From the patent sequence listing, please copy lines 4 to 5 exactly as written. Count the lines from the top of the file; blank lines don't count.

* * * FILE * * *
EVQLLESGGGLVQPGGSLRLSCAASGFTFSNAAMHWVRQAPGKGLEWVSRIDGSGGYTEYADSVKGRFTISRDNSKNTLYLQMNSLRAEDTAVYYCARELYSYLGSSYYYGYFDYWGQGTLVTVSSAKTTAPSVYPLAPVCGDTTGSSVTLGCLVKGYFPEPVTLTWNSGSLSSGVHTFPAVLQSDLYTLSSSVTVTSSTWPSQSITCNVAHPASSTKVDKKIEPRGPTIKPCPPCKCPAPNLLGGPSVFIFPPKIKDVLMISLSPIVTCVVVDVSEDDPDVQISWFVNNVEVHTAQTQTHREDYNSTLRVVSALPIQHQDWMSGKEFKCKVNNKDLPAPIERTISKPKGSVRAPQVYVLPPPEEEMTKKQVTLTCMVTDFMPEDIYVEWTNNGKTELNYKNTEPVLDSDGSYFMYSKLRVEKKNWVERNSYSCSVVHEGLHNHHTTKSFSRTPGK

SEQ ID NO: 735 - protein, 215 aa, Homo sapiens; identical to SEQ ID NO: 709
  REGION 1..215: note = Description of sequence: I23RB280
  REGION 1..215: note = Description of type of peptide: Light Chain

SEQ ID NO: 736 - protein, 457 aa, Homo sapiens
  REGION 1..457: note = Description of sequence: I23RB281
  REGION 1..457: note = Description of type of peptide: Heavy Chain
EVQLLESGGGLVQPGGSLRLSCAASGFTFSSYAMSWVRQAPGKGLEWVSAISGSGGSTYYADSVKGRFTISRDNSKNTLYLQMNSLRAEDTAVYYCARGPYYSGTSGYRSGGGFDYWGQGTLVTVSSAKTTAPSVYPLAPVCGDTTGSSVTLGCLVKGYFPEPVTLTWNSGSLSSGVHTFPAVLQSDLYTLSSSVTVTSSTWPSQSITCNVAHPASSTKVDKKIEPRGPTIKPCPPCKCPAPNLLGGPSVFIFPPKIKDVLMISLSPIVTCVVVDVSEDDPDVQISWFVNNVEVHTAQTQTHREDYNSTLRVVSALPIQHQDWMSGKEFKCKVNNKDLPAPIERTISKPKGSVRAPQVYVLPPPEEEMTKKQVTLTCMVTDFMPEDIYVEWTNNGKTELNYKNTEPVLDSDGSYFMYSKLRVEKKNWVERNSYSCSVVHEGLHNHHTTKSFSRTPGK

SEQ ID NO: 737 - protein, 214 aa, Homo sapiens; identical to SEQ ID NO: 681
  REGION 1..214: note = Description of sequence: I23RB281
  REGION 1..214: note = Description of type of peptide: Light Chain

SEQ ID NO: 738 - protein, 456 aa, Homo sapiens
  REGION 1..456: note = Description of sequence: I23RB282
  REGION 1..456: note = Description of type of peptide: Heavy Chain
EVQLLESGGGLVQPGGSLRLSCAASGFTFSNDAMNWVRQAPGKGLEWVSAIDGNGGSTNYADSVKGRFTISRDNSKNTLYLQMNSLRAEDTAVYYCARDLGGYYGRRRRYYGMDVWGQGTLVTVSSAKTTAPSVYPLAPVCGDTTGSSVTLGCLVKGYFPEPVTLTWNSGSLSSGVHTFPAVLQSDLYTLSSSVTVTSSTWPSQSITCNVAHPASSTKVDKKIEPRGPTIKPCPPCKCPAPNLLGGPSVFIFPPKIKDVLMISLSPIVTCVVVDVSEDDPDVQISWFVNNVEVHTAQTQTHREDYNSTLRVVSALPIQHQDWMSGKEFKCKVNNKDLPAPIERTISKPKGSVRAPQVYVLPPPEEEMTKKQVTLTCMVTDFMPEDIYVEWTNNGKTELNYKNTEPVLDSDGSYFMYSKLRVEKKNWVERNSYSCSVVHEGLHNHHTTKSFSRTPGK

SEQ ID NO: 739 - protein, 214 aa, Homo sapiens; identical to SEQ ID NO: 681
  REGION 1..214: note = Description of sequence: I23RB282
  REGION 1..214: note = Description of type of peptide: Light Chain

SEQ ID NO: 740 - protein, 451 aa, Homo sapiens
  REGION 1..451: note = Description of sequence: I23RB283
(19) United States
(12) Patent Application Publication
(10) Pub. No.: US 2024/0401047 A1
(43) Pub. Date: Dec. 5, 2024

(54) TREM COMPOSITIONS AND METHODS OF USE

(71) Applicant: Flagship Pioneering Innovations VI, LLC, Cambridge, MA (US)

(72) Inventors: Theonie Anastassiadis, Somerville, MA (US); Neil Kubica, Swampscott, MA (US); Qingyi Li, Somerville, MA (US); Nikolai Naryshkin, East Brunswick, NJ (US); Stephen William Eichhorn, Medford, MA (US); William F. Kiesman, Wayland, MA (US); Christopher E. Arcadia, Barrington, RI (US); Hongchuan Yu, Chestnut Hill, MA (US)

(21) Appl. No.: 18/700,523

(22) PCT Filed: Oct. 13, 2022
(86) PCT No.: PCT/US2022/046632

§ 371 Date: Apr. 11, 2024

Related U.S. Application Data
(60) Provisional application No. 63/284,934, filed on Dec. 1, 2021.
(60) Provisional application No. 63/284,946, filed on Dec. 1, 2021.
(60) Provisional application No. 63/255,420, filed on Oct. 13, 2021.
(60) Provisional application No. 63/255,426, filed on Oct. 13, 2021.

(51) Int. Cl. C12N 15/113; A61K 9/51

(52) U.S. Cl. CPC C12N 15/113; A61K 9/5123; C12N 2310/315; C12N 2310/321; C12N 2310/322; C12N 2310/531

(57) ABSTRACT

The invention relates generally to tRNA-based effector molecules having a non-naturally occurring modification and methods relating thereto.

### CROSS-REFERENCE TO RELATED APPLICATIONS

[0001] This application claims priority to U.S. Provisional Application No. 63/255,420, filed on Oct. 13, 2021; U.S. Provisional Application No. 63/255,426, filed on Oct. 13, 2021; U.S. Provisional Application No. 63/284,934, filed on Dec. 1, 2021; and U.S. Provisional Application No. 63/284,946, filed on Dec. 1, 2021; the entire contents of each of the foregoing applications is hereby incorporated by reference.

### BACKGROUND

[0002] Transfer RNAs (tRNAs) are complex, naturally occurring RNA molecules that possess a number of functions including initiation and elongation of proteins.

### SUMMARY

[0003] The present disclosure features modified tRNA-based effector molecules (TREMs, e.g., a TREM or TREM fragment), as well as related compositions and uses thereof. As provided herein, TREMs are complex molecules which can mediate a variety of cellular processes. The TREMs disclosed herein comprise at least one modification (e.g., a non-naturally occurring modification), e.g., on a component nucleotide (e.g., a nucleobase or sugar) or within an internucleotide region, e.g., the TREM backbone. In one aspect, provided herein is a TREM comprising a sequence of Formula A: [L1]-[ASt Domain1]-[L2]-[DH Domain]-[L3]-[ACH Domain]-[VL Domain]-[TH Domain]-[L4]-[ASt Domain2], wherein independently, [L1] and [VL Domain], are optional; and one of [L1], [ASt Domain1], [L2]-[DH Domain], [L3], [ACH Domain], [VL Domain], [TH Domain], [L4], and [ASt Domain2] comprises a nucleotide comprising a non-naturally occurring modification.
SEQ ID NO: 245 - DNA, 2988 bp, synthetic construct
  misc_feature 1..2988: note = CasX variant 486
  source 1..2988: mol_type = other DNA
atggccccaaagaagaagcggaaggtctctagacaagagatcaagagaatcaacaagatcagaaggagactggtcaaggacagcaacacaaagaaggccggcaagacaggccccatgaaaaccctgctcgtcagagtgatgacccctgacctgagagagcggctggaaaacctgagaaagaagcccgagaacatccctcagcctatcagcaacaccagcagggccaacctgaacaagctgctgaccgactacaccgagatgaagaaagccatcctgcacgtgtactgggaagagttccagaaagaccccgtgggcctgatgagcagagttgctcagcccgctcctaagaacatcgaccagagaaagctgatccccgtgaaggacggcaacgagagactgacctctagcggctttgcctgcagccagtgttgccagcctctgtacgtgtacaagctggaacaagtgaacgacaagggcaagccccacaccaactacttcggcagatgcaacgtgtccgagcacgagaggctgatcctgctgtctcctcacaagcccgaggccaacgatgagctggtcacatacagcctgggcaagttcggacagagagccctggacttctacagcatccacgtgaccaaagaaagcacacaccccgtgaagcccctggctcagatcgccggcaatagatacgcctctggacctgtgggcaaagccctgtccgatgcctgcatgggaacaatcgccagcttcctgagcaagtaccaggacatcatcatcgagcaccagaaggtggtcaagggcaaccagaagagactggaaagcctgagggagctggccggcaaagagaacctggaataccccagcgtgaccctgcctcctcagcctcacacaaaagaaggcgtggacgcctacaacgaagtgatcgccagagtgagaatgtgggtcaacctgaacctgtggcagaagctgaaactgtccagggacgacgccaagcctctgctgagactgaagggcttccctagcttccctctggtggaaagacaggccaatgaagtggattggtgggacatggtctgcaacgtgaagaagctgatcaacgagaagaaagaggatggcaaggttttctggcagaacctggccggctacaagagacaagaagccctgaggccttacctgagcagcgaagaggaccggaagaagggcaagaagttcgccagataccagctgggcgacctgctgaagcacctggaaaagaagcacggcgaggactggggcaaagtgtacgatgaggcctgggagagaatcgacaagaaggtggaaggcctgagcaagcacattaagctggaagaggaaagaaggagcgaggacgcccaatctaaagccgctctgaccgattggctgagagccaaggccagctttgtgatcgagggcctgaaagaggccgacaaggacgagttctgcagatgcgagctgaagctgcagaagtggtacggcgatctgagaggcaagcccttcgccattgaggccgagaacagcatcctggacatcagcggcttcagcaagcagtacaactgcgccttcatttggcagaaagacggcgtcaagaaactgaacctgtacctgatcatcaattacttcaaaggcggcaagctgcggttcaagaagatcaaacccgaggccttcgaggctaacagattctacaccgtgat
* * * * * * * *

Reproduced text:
  REGION 1..215: note = Description of type of peptide: Light Chain

SEQ ID NO: 736 - protein, 457 aa, Homo sapiens